Racializing Assemblages and History Making: Why the Black Regulars of Fort Davis’ Past is Told the Way it is…
Lecture: ARF Brownbag | September 27 | 12-1 p.m. | 2251 College (Archaeological Research Facility)
Laurie Wilkie, Department Chair and Professor, University of California, Berkeley Department of Anthropology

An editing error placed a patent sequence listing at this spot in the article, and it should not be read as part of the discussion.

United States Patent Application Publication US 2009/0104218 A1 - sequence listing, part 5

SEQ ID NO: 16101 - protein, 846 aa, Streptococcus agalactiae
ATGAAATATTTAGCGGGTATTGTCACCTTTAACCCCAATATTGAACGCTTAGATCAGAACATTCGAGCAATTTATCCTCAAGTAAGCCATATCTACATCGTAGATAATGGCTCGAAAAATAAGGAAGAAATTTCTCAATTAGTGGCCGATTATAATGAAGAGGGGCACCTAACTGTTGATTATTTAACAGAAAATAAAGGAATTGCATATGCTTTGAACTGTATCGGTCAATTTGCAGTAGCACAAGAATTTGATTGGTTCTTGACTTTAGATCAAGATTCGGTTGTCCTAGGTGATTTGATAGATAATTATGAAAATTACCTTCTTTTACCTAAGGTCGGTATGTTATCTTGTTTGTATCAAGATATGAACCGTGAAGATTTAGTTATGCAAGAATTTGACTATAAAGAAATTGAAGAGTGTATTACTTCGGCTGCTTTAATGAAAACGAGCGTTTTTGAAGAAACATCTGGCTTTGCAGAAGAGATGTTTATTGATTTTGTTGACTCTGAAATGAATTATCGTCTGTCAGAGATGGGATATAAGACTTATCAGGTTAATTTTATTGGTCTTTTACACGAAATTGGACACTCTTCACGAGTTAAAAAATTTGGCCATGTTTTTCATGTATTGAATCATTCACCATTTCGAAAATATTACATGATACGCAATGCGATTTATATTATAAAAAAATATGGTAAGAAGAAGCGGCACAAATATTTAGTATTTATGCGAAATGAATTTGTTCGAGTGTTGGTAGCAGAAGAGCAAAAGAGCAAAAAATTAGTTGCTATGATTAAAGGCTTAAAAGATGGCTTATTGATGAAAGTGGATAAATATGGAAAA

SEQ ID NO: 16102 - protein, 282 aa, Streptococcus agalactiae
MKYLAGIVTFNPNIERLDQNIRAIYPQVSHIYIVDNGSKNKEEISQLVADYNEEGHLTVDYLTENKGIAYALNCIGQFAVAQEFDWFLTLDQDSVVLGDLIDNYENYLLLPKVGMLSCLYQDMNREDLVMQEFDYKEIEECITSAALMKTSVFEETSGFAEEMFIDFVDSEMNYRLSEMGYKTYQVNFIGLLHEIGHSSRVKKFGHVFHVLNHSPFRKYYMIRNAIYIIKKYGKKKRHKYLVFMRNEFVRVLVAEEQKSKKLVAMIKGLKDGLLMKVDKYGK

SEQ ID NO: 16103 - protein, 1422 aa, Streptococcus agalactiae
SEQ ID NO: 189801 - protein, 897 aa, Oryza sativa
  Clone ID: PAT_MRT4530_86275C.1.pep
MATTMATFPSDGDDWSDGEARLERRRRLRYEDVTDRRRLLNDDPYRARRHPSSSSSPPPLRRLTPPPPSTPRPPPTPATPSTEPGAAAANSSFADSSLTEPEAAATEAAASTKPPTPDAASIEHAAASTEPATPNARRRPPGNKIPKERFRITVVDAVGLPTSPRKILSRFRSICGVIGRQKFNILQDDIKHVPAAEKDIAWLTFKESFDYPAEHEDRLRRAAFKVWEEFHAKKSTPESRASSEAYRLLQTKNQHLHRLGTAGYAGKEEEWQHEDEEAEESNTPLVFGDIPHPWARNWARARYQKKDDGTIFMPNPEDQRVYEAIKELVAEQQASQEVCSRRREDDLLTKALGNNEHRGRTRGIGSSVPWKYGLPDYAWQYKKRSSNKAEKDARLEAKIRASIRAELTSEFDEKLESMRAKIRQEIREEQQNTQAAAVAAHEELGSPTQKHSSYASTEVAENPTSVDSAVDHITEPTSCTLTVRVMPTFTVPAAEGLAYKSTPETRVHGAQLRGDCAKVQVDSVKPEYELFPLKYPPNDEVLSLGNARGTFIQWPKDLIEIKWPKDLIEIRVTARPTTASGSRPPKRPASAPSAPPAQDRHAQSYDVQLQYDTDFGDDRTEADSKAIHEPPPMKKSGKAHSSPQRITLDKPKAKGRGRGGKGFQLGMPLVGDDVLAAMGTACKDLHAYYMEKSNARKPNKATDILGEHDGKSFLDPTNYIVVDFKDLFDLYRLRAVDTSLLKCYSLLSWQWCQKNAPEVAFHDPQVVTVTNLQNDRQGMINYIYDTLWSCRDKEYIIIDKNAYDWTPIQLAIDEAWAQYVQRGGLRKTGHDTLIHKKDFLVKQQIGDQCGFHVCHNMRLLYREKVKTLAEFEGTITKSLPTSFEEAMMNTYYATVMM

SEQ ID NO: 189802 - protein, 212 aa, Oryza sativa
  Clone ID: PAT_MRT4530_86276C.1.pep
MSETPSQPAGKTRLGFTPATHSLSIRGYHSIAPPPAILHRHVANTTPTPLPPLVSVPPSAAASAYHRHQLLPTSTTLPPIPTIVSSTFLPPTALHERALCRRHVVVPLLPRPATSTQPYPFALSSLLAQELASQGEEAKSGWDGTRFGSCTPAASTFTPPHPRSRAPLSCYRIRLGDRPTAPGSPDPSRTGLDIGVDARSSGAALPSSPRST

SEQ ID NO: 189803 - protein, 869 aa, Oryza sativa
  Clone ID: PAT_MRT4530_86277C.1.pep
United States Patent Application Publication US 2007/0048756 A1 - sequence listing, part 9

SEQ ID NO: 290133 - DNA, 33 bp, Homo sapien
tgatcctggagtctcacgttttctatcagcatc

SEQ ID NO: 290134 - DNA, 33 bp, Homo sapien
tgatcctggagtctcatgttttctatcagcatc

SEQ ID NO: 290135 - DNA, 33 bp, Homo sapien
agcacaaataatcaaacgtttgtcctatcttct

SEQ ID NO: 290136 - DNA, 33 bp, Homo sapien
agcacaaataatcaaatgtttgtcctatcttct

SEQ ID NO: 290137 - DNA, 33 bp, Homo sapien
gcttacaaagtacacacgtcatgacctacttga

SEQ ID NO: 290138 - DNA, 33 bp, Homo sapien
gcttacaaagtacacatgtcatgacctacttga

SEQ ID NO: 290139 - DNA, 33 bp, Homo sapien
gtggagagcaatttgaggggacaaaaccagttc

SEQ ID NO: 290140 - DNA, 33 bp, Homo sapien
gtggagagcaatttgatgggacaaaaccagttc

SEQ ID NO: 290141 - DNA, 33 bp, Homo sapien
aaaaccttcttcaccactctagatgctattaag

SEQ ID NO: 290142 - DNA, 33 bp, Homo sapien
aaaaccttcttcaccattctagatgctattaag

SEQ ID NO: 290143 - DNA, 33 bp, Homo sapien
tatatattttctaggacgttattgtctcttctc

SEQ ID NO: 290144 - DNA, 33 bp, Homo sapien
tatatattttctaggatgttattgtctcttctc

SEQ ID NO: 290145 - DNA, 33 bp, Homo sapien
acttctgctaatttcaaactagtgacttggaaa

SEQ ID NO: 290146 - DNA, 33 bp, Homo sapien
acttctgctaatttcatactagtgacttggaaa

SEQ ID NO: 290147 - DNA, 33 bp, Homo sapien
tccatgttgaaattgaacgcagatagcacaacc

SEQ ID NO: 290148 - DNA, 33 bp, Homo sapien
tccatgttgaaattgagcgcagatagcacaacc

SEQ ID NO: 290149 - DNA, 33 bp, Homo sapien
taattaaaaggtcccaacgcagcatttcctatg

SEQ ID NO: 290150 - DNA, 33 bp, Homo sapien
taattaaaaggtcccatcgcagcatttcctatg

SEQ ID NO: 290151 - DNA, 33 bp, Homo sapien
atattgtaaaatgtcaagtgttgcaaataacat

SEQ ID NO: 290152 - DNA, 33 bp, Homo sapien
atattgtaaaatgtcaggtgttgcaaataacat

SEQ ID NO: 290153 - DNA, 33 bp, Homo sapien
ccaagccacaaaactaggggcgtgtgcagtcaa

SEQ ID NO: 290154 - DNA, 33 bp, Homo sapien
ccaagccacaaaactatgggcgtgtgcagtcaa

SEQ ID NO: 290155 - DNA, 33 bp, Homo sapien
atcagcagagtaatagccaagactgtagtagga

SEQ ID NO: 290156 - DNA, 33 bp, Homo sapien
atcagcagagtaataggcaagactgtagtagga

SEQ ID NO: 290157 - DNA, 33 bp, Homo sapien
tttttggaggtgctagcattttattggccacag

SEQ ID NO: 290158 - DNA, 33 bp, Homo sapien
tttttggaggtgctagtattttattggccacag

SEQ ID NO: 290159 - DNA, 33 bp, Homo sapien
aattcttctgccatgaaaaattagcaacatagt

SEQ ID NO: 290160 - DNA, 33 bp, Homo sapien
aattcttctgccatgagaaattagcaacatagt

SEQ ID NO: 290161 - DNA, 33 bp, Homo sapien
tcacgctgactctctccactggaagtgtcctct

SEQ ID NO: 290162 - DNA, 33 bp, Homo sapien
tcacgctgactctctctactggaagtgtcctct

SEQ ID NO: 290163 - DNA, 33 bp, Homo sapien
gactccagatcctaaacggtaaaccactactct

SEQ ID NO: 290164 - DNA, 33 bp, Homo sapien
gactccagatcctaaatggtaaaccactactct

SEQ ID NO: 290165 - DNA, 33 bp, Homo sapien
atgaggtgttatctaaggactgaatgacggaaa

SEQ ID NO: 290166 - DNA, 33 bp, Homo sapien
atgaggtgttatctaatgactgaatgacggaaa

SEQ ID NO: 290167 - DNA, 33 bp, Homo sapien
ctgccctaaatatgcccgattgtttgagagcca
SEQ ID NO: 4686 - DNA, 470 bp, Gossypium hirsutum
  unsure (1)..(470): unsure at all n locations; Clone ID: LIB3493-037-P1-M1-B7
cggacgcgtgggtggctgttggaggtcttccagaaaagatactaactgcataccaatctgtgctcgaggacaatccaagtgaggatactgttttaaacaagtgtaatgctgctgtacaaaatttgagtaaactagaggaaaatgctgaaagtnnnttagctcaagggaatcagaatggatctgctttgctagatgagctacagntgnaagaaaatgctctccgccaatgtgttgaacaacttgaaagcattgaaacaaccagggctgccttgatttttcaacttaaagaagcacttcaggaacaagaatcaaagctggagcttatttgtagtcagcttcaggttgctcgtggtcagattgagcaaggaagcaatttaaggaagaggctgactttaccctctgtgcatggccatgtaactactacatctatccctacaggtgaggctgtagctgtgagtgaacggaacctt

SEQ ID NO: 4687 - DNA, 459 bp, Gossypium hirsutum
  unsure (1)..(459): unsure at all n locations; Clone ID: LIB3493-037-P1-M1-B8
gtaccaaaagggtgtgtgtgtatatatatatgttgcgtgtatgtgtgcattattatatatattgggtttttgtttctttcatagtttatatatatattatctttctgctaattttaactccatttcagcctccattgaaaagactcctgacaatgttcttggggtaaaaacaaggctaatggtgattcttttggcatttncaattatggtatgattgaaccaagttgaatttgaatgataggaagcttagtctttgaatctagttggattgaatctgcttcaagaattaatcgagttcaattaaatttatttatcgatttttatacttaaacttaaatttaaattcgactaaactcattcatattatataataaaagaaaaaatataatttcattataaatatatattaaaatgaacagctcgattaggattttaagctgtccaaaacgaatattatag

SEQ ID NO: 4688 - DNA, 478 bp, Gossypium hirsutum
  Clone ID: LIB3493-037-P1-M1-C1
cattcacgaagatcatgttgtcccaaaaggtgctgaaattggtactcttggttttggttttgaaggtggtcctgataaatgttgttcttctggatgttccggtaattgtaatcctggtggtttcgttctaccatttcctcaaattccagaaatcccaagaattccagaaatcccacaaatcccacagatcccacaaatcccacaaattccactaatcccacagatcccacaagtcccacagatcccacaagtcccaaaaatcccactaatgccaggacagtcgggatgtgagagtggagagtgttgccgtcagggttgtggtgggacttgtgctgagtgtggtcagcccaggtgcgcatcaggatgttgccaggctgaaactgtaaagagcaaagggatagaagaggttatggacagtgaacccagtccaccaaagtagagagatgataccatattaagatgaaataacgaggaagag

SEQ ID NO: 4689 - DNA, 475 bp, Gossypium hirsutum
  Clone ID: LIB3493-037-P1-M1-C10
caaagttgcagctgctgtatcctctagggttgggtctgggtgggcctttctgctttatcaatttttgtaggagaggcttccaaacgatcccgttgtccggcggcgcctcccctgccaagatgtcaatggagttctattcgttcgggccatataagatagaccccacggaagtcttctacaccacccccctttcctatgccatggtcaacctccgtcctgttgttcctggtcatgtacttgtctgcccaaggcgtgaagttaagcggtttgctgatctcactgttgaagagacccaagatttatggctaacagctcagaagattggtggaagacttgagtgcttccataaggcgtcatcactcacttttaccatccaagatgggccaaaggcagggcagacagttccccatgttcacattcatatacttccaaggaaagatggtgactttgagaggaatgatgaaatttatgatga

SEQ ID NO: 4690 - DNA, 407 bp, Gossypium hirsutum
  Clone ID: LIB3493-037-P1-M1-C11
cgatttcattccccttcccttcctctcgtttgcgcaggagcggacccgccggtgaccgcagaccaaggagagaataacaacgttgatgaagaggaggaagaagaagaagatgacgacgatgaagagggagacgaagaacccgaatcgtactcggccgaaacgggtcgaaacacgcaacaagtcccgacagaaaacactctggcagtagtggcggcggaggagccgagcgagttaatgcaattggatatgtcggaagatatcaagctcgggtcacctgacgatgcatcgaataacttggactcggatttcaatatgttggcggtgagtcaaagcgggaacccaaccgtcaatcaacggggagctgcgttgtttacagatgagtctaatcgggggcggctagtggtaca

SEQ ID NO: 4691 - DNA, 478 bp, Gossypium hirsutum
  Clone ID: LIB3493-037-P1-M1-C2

Racializing assemblages are those sets of practices and policies employed by governments, institutions, and society to enforce and naturalize racial inequalities. In the summer of 2017, using Stahl research funds, I was able to spend 10 days in the National Archives investigating documentary traces left by the black regulars of Fort Davis. The experience left me thinking broadly about the ways the processes that shape the construction of the archive, the ways military historians privilege particular types of documents and certain voices that result in stories about the past that replicate current inequalities. Archaeologists are no strangers to discussions about the ways we live amongst ruins or how the past is used to create the present. While historians critically engage with past historiographical movements that reinforced biases of the time, it is in African-American and Ethnic studies where the nature of the archives creation is more likely to be considered. In trying to understand holistically the ways that the histories of Fort Davis black regulars have been told, I have found the concept of racializing assemblages to be extremely useful. The racializing assemblage that shapes history making surrounding these men include the prevalence of what I call racializing narratives, attitudes of white supremacy, archival and commemoration practices that obscure or physically destroy traces of black history, and drawing on the work of Mel Chen, what I see as the weaponization of animacy hierarchies. In this talk, I will discuss how black soldiers have been intentionally erased from the landscape of Fort Davis, provide an example of how the National Archives curation procedures have obscured the documentary materials produced by black soldiers, and finally, will discuss the case of Corporal Daniel Tallifero, a man who was killed at Fort Davis, and the ways historians have failed to recognize the problematic sources surrounding the events surrounding his death.